In adopting its response to the GAC advice in the Buenos Aires Communiqué, the NGPC reviewed various materials, including, but not limited to, the following materials and documents:

      The NGPC also considered the procedures established in the Applicant Guidebook and the ICANN Bylaws concerning the Board's consideration of advice from the GAC, in addition to the 26 September 2015 letter [PDF, 183 KB] from the GAC clarifying certain terminology used in the Buenos Aires Communiqué. The adoption of the GAC advice as provided in the scorecard will have a positive impact on the community because it will assist with resolving the GAC advice concerning the New gTLD Program.

      There are no foreseen fiscal impacts associated with the adoption of this resolution. Approval of the resolution will not impact security, stability or resiliency issues relating to the DNS. This is an Organizational Administrative function that does not require public comment.

Published on 21 October 2015

Domain Name System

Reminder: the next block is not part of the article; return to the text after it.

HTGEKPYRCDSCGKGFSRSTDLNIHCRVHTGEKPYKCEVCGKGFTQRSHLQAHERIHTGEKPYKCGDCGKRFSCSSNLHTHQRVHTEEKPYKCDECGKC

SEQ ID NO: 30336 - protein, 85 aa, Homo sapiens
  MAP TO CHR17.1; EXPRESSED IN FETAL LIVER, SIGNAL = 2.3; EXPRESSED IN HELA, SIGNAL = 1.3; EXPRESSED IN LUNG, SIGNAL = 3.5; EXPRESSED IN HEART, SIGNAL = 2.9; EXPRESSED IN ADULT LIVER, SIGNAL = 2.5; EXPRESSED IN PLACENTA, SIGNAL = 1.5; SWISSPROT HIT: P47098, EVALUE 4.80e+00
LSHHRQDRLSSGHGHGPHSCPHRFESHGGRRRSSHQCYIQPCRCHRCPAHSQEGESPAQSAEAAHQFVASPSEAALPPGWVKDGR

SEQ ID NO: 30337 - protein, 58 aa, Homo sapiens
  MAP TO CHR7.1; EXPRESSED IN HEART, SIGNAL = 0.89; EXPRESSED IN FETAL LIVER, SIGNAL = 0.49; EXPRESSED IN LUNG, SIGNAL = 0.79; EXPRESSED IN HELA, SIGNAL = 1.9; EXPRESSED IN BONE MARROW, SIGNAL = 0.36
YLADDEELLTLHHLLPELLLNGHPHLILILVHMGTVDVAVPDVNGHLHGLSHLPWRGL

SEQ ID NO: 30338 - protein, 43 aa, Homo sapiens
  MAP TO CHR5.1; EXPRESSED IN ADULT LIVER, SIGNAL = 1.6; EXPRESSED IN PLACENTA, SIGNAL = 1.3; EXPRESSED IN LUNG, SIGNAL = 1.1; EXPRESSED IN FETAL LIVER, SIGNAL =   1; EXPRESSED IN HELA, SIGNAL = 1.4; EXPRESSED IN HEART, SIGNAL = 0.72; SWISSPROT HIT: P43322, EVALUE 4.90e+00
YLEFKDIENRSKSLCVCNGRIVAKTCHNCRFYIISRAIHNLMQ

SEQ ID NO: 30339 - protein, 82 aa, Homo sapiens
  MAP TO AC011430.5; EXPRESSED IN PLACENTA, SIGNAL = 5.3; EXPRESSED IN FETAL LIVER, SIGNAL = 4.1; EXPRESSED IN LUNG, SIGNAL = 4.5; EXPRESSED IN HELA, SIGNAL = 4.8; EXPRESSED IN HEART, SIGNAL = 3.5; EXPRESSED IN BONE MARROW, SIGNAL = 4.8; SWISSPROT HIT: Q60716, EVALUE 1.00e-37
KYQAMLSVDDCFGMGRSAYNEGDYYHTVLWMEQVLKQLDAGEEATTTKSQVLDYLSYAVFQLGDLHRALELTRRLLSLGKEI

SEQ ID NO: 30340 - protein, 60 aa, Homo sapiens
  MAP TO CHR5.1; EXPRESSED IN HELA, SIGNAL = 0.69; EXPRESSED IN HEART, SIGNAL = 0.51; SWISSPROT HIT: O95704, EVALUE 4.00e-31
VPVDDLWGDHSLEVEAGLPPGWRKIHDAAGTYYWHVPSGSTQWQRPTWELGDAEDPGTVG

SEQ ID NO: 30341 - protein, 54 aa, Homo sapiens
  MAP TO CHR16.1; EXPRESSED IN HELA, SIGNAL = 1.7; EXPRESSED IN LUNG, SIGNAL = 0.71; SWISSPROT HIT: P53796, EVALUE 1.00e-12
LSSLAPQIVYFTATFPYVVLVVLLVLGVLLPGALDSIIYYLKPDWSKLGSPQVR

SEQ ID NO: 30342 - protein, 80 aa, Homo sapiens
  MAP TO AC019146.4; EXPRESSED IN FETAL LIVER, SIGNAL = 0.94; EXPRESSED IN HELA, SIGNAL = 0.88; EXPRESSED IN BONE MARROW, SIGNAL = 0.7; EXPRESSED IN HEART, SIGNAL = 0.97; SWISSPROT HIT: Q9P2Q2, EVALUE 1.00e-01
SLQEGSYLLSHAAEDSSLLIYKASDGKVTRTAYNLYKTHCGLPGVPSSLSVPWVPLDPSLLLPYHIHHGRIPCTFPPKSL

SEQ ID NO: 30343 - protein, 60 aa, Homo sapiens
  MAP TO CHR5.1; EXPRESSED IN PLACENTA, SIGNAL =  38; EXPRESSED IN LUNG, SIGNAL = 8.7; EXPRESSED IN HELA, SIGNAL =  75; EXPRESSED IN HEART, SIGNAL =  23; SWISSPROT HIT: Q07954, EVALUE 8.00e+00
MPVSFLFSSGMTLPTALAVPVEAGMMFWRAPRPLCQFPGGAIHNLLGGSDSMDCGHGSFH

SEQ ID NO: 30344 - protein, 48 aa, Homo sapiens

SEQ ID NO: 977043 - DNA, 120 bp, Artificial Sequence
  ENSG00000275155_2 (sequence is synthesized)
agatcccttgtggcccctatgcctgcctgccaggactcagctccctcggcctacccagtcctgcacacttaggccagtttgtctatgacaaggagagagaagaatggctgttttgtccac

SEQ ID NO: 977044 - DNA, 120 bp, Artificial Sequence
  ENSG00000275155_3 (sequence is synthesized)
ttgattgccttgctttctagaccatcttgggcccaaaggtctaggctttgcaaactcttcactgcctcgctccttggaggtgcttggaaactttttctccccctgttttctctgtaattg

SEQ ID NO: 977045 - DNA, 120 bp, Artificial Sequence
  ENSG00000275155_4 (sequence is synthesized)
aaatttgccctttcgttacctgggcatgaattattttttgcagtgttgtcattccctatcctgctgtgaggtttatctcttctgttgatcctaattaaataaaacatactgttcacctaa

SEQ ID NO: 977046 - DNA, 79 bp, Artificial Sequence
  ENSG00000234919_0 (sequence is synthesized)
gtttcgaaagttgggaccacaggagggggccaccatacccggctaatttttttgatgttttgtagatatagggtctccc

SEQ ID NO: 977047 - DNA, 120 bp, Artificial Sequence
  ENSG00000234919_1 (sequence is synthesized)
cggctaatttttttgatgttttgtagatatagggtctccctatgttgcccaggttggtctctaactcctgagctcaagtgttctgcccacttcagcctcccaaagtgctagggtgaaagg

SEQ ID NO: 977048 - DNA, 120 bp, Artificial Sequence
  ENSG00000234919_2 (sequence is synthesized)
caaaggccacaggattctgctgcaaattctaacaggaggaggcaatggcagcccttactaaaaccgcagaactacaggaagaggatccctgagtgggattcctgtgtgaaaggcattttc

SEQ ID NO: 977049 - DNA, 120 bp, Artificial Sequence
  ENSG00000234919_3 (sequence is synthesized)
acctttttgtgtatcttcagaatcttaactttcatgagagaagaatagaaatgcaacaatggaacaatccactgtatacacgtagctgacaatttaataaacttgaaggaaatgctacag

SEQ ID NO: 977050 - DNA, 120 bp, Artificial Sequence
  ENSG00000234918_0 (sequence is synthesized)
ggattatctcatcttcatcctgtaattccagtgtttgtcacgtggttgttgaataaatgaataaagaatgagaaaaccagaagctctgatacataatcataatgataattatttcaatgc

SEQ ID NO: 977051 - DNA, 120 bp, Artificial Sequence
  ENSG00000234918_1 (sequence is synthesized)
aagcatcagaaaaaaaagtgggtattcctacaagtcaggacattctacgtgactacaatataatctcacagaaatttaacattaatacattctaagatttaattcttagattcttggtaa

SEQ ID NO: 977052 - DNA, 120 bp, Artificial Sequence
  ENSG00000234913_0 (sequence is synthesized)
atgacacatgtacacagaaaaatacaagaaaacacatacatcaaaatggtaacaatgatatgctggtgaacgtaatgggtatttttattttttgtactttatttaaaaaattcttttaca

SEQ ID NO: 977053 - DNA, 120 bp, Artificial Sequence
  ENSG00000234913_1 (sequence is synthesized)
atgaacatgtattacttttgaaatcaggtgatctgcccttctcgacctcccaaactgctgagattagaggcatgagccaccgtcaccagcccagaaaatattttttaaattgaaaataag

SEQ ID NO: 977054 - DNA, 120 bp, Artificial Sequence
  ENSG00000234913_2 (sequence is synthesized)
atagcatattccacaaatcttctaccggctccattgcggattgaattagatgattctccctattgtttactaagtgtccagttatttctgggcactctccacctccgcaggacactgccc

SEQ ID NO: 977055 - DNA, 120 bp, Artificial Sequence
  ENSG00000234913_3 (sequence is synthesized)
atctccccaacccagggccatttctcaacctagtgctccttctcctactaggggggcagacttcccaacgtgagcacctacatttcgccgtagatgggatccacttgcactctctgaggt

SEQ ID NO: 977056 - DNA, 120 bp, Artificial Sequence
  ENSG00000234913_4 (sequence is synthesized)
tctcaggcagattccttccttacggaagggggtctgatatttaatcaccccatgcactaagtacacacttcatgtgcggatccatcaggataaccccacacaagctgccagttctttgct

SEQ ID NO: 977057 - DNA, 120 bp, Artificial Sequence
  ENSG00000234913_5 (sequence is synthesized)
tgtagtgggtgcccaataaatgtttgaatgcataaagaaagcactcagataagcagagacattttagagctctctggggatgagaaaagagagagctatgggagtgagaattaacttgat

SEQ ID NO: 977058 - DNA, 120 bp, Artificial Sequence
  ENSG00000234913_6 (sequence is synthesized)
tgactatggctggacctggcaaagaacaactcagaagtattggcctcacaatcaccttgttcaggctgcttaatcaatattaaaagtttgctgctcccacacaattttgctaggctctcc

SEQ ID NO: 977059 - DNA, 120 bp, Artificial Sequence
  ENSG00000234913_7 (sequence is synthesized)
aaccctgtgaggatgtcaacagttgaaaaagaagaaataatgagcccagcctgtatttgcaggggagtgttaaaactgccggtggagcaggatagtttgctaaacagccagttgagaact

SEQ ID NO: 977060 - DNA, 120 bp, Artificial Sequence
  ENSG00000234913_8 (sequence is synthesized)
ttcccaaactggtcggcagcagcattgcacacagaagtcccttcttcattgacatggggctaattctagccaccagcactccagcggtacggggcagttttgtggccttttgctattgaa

Internationalized Domain Name ,IDN,"IDNs are domain names that include characters used in the local representation of languages that are not written with the twenty-six letters of the basic Latin alphabet ""a-z"". An IDN can contain Latin letters with diacritical marks, as required by many European languages, or may consist of characters from non-Latin scripts such as Arabic or Chinese. Many languages also use other types of digits than the European ""0-9"". The basic Latin alphabet together with the European-Arabic digits are, for the purpose of domain names, termed ""ASCII characters"" (ASCII = American Standard Code for Information Interchange). These are also included in the broader range of ""Unicode characters"" that provides the basis for IDNs. The ""hostname rule"" requires that all domain names of the type under consideration here are stored in the DNS using only the ASCII characters listed above, with the one further addition of the hyphen ""-"". The Unicode form of an IDN therefore requires special encoding before it is entered into the DNS. The following terminology is used when distinguishing between these forms: A domain name consists of a series of ""labels"" (separated by ""dots""). The ASCII form of an IDN label is termed an ""A-label"". All operations defined in the DNS protocol use A-labels exclusively. The Unicode form, which a user expects to be displayed, is termed a ""U-label"". The difference may be illustrated with the Hindi word for ""test"" — परीका — appearing here as a U-label would (in the Devanagari script). A special form of ""ASCII compatible encoding"" (abbreviated ACE) is applied to this to produce the corresponding A-label: xn--11b5bs1di. A domain name that only includes ASCII letters, digits, and hyphens is termed an ""LDH label"". Although the definitions of A-labels and LDH-labels overlap, a name consisting exclusively of LDH labels, such as""icann.org"" is not an IDN."